As we come into land I can see white horses crashing against the coral reef encompassing a small cluster of islands. Outside the reef the sea is deep blue, inside, in striking contrast, pastel shades of green and turquoise shimmer in the shallow lagoon surrounding both Rodrigues Island and 18 smaller, uninhabited isles. It is here that I discover the road less travelled in Mauritius. Measuring just 11 miles long and 5 miles wide, don’t be fooled by its diminutive size, there are plenty of things to do in Rodrigues Island, a little-known gem sparkling in the Indian Ocean.
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We’re soon above the island itself. Volcanic in origin, the landscape below me is lush and green thanks to the recent rains that typically fall each January and February. One minute the sun is shining, then there’s a sudden downpour, but it’s never long before the sun is out again. Rainbows abound on Rodrigues.
Named after the Portuguese explorer Diogo Rodrigues, this is the smallest and most remote of the Mascarene Islands that lie east of Madagascar. While everyone has heard of Reunion Island and Mauritius, few have heard of Rodrigues. Some 350 miles beyond Mauritius I am now at Africa’s most easterly point. Although self-governing it is part of the Republic of Mauritius. Having recently got back from a wonderful week there I’m pulled between hoping it stays just as it is, an unspoilt secret island with just a smattering of tourism, and a longing to shout about it from the rooftops. Many people say there’s little to do here and you only need to spend a day or two on the island. They couldn’t be more wrong. One week was not long enough.
Top 10 things to do in Rodrigues Island
1. Visit the Saturday market
Pineapples, melons and bright, pink piles of dragonfruit. Pots of honey, home preserves and fiery chutneys. Piles of hats in a rainbow of colours. People laughing and gossiping – the Saturday market in Port Mathurin is as hectic as it gets on Ile Rodrigues – a kaleidoscope of colours in the sunshine. There’s a market on most mornings but it’s on Saturday that it really comes alive, although compared to many other markets I’ve been to it’s still a relatively leisurely affair. It’s a great place to photograph and everyone is extremely friendly. I just wish my French was better. Creole, French and English are all official languages of the island, however, French is much more widely spoken than English.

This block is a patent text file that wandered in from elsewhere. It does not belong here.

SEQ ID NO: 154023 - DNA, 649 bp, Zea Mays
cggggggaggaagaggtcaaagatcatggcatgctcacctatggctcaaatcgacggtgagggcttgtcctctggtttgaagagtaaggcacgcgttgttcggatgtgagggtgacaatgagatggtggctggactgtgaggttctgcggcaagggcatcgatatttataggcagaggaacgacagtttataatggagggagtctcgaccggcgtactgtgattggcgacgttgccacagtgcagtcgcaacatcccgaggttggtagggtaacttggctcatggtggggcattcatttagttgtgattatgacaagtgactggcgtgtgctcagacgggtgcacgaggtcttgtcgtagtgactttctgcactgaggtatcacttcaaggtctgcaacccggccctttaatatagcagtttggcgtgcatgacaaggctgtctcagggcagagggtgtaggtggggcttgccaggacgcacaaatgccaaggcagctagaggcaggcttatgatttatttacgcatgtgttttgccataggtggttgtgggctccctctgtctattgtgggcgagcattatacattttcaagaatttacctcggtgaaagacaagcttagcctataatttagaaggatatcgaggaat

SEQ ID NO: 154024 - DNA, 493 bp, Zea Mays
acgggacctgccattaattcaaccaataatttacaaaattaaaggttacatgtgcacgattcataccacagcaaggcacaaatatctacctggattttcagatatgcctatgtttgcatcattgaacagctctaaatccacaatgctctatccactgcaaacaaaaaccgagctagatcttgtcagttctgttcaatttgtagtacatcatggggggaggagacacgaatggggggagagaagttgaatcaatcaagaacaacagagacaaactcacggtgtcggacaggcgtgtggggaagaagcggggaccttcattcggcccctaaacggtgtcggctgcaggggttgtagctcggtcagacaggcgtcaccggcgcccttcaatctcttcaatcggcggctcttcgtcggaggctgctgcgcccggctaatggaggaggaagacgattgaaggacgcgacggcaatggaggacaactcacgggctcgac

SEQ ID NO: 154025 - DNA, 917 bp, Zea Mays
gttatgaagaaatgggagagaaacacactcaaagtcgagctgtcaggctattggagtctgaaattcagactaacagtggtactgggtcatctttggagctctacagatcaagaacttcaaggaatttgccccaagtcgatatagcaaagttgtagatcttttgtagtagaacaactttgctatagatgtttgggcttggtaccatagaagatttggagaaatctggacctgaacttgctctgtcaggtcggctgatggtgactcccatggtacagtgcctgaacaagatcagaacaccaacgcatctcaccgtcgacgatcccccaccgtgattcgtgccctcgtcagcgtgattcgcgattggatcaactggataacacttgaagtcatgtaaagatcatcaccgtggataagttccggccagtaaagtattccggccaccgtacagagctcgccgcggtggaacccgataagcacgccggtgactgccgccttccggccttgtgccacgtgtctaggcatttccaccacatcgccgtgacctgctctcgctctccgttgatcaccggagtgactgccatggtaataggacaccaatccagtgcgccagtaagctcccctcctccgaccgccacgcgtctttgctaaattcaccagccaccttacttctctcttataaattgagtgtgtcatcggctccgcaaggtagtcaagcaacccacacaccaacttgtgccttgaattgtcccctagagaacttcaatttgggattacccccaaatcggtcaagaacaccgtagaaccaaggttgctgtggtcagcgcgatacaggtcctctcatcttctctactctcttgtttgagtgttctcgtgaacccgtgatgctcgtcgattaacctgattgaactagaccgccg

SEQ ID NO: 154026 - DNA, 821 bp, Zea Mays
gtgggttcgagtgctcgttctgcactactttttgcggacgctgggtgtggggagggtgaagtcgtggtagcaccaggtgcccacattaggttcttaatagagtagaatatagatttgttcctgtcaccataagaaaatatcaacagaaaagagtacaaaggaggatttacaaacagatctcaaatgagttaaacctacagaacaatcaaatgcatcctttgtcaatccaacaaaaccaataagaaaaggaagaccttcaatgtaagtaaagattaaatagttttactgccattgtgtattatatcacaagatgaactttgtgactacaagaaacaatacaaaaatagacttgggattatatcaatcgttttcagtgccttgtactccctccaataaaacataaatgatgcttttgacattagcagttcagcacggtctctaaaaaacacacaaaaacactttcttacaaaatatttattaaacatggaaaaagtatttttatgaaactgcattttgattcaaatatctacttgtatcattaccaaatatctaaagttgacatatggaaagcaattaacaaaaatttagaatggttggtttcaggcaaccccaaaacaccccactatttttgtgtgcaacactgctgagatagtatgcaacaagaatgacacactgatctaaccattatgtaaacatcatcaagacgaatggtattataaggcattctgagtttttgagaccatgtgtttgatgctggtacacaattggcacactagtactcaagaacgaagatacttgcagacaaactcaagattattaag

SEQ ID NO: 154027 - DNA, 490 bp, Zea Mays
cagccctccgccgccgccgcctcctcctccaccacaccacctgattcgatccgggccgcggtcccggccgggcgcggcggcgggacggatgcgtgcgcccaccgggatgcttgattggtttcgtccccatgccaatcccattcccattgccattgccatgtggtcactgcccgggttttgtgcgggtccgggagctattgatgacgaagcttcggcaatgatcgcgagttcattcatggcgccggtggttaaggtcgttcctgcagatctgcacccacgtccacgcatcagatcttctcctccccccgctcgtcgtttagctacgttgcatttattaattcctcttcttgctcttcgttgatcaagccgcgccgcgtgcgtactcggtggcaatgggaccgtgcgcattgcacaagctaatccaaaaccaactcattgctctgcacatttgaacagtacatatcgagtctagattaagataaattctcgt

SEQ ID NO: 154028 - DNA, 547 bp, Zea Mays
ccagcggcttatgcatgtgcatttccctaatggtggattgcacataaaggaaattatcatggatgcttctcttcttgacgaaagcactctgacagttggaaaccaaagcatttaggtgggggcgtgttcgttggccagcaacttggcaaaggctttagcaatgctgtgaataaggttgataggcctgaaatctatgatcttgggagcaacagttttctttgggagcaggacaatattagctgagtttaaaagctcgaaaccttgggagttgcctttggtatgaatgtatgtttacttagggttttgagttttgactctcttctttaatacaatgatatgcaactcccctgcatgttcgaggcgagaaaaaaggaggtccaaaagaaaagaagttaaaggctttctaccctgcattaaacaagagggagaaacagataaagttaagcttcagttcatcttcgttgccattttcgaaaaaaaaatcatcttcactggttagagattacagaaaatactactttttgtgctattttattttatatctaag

2. Hike to Trou d’Argent Beach
A fabulous network of walking trails criss-crosses the island, leading you through the beautiful countryside. We took the trail from the southern end of Saint Francois beach that leads through the wooded hillside to a series of hidden coves, known locally as crics, including Trou d’Argent Beach. If you want to go swimming, time your visit with high tide as the coral reef is very close to these beaches, making it difficult to swim here when the tide is out. You’ll need to bring your own supplies including water, as there are no facilities. While much of the walk is shaded by small pine trees, I’d also recommend using plenty of sunblock.
3. Thrill seek
Rodrigues may seem a sleepy laid-back oasis trapped in time, yet there is another side to the island that is being developed for adrenaline junkies. As well as a great range of watersports that make the most of the regularly windy days, such as wind and kite surfing, two further attractions are on offer for adventure addicts, including one of the highest ziplines in the world and a pendulum swing from a suspended bridge just two planks wide. Sadly, or possibly luckily, it was closed on the day we visited. Having seen it I’m not quite so keen to give it a try. Would you?
O|n the other hand, I really wanted to do the zipline (it is even higher than the one I did over the biodomes at the Eden Project in Cornwall) but there simply wasn’t time to do everything we wanted to do.
4. Watch the sunrise
On the first two mornings of my visit, with my internal body clock still all askew, I awoke early and walked the few minutes from my accommodation at Pirate Lodges to the beautiful sandy beach of Saint François Bay, to watch the sunrise. On another day I was lucky enough to catch the sunset from another part of the island. Was it my imagination or were the sunrises and sunsets particularly lovely on this remote island?
5. Explore Caverne Patate
There are a couple of cave systems on the island where pirates no doubt once hid their treasure troves. I went to Caverne Patate, which translates as Sweet Potato Cave, although no one seemed to know why it was called this.